The social transition to older adulthood can be challenging for elderly individuals and their families when isolation poses a threat to well-being. Technology is currently providing younger generations with an opportunity to stay in contact with social partners through the use of online social networking tools; it is unclear whether older adults are also taking advantage of this communication method. This study explored how older adults are experiencing online social networking. Specifically, this research addressed how older adults' attitudes towards online social networking are related to their expertise in using computers and the internet for this purpose. A survey methodological approach was employed whereby older adults aged 65 and over were recruited from senior centers across the Central Florida area to fill out a series of questionnaires. The Computer Aversion, Attitudes, and Familiarity Index (CAAFI) was used to measure attitudes and expertise with computers. The Internet Technical Literacy and Social Awareness Scale was used to measure interest and expertise with the internet. The relationship between older adults' use of online social networking and their attitudes and expertise was also investigated. Finally, social connectedness, (measured using the Social Connectedness Scale) and subjective well-being (measured using the Satisfaction with Life Scale) were measured to explore whether older adults receive a psychosocial benefit from using online social networking. Findings showed expertise and attitudes scores were strongly correlated, and these scores were also predictive of online social networking use. The results of this study may help social service providers for elderly individuals begin to understand the many factors associated with using new forms of technology.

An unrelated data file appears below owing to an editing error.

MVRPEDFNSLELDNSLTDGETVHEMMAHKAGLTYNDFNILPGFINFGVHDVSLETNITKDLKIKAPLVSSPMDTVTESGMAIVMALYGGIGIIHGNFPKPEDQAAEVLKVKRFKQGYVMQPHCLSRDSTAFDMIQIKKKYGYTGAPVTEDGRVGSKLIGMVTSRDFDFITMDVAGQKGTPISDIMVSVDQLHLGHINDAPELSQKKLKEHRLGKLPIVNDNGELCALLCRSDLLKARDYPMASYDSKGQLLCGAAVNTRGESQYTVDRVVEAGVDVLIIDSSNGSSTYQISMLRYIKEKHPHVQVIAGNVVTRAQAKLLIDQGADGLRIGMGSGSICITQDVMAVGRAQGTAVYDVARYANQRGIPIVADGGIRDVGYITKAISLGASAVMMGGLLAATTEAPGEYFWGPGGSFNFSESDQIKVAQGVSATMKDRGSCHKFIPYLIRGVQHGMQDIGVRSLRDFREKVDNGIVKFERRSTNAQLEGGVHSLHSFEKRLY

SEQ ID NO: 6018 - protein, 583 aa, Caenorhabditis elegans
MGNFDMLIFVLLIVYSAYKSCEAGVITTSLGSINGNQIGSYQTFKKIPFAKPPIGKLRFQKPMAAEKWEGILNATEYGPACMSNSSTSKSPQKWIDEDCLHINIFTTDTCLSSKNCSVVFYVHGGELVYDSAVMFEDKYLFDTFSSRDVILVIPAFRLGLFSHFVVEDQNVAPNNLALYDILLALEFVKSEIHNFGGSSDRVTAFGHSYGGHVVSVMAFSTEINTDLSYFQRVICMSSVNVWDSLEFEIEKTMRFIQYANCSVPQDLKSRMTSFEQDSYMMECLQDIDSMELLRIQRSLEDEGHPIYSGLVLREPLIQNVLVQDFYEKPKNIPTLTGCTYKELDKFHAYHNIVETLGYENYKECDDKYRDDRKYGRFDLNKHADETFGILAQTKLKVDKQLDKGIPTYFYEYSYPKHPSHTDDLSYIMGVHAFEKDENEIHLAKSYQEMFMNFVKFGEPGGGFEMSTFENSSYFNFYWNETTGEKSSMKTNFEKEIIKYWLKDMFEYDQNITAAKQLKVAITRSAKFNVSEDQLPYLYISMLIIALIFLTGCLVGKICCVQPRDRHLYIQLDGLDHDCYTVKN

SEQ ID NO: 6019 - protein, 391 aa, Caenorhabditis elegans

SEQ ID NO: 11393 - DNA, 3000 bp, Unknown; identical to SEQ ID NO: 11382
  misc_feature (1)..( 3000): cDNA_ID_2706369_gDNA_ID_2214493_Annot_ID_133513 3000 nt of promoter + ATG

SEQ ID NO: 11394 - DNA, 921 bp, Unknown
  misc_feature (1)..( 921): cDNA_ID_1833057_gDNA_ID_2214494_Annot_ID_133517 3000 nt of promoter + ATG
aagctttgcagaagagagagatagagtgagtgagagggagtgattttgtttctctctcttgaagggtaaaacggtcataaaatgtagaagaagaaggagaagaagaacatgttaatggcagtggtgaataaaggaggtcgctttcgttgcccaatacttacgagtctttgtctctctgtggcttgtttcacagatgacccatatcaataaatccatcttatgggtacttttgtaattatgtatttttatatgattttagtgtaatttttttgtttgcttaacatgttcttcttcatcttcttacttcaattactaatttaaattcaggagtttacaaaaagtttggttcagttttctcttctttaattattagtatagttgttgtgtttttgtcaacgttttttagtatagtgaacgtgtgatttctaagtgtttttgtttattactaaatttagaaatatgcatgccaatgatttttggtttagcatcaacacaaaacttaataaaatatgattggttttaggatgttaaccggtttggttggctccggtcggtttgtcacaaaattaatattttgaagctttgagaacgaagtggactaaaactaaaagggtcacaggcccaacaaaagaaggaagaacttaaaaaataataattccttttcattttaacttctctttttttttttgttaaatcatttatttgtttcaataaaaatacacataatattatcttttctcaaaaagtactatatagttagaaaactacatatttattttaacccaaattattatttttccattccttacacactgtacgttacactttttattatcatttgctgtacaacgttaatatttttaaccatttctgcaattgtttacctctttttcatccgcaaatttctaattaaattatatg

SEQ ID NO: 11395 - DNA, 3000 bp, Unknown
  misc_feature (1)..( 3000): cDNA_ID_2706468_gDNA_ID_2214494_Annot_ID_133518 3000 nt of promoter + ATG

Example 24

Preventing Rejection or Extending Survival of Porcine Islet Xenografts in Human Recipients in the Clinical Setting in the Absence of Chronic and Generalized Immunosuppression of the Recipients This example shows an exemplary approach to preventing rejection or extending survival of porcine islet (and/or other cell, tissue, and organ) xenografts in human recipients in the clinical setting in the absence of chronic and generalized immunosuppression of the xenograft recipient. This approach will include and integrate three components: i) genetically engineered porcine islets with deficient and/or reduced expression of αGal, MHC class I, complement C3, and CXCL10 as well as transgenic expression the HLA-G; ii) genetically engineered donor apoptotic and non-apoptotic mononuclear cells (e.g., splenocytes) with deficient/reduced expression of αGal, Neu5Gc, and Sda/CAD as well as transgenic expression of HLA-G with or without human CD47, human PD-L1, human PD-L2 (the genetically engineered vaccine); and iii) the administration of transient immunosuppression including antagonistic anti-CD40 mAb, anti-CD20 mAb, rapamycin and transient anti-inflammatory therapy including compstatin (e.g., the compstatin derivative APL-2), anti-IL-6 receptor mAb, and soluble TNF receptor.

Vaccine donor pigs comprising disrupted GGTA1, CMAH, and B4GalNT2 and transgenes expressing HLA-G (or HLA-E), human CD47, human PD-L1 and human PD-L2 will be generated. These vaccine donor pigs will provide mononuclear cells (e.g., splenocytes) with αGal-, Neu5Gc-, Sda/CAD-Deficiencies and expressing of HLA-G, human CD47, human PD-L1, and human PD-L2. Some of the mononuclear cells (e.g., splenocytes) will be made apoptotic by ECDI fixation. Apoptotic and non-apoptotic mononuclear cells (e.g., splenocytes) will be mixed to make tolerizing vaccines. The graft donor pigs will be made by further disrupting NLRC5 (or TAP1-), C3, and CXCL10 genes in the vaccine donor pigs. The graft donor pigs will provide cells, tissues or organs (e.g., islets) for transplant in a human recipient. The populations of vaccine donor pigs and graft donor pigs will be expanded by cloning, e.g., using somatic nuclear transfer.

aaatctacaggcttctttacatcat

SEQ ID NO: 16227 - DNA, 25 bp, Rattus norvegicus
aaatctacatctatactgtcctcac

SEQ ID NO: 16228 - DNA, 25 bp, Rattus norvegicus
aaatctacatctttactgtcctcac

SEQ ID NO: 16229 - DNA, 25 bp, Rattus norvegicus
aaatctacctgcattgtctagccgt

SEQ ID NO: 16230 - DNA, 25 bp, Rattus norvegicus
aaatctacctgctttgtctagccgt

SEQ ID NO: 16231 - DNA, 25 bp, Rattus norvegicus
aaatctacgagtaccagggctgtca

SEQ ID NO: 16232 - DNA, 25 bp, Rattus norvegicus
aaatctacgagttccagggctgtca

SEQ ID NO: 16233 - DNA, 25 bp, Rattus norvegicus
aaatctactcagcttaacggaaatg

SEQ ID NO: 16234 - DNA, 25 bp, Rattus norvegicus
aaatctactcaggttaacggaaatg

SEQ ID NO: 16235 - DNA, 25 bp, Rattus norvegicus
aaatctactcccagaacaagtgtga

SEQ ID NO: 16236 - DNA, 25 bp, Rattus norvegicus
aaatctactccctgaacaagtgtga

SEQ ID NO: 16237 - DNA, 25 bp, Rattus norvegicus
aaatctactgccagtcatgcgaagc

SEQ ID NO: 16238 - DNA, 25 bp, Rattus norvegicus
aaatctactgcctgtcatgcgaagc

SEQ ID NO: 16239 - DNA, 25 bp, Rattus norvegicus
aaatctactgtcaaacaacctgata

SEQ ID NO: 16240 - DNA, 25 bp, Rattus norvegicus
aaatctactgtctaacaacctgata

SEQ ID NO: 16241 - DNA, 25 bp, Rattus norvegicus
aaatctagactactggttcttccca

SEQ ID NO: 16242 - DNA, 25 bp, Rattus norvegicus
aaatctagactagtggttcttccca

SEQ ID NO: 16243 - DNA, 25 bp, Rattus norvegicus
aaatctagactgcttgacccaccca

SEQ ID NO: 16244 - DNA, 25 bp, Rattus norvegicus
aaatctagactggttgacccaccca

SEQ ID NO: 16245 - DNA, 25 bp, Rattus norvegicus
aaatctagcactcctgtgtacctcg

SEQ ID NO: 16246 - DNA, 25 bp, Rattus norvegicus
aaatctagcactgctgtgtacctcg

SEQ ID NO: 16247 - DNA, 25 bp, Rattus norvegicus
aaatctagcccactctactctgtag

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Smither, Janan A.
Bachelor of Science (B.S.)
College of Sciences
Dissertations, Academic -- Sciences;Sciences -- Dissertations, Academic
Length of Campus-only Access
Honors in the Major Thesis
Hernandez, Elise, "Older adults and online social networking: relating issues of attitudes, expertise, and use" (2011). HIM 1990-2015. 1199.